Land across vast areas of California is sinking faster than ever due to the over consumption of groundwater.
Sinking land, known as subsidence, has occurred for decades in California due to excessive groundwater pumping during drought conditions, but new data shows it is happening faster than before.
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An alarming report from NASA shows that California’s Central Valleys are subsiding as much as two inches (5cm) a month putting infrastructure on the surface at increasing risks of damage.
The findings of NASA’s Jet Propulsion Lab are based on satellite and aerial photos and measurements of land subsidence in the state.
RT reports: An area near Corcoran, in the Tulare basin, sank 13 inches in one recent eight-month period, according to the study conducted for the State Department of Water Resources. A stretch near the California Aqueduct, a key leg of the state canal and pipeline system that brings freshwater from the Sierra Nevada Mountains, sank 8 inches in just four months last year.
— NASA JPL (@NASAJPL) August 20, 2015
The problem is not limited to the San Joaquin Valley, the most arid part of the Central Valley of California. Land near Arbuckle in Colusa County sank five inches during the last half of 2014, the NASA report said.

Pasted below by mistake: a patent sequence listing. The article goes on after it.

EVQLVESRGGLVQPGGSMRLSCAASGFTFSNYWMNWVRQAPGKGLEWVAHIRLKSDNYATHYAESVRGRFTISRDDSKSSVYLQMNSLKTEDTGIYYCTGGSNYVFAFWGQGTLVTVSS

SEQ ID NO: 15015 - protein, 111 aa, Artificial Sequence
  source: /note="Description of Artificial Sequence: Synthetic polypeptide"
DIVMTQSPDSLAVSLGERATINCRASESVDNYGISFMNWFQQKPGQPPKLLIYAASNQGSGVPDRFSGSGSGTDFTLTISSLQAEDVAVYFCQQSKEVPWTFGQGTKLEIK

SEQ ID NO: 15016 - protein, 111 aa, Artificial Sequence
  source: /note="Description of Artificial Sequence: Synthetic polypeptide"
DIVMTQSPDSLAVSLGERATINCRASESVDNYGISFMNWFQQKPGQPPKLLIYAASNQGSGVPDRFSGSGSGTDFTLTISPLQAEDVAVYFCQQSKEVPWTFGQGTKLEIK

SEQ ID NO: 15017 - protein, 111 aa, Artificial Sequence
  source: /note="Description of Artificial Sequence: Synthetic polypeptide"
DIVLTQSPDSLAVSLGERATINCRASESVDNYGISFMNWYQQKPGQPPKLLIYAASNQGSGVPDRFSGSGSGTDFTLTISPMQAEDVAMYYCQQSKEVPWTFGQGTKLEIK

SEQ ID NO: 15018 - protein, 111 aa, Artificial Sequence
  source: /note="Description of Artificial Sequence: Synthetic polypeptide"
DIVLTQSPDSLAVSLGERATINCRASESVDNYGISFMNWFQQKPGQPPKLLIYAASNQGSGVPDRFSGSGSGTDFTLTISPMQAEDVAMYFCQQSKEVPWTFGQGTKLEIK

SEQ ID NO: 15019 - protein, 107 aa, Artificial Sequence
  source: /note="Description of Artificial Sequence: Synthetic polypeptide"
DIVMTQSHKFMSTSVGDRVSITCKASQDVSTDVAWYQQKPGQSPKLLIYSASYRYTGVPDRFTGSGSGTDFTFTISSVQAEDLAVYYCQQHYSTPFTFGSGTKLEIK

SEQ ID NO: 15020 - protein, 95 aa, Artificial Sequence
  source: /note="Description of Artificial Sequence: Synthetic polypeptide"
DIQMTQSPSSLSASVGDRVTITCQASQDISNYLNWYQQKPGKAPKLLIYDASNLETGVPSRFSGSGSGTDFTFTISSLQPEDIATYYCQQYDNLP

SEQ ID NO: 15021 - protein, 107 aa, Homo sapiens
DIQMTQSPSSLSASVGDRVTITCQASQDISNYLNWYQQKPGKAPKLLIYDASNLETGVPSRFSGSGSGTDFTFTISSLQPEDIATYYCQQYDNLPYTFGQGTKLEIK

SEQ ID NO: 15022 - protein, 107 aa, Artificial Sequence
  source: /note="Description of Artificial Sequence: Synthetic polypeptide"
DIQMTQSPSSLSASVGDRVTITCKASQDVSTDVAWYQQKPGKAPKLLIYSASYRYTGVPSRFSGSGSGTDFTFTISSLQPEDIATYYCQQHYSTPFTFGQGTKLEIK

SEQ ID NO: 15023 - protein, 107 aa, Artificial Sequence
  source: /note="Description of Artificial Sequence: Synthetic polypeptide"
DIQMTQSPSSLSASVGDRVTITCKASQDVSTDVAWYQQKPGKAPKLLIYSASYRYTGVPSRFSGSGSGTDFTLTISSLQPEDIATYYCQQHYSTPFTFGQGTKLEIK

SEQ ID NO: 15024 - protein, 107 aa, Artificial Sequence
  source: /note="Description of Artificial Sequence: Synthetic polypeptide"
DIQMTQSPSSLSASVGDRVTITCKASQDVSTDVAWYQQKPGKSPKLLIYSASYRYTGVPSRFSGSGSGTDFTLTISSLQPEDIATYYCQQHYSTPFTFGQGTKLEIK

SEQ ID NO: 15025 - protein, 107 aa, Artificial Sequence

Heavy pumping of groundwater causes clay between water pockets to collapse and ground to sink. This may damage critical infrastructure and also makes it harder for groundwater reservoirs to replenish. It may also hinder water from flowing through its natural underground pathways.
“Roads can be broken by fissures, pipelines have been exhumed, and the slope of the land can be altered, changing drainage patterns,” the NASA report warns.
Groundwater consumption remains at a historic high amid the drought, while its levels are dropping to record lows of up to 100 feet below previous measurements, says Mark Cowin, head of the California Department of Water Resources.
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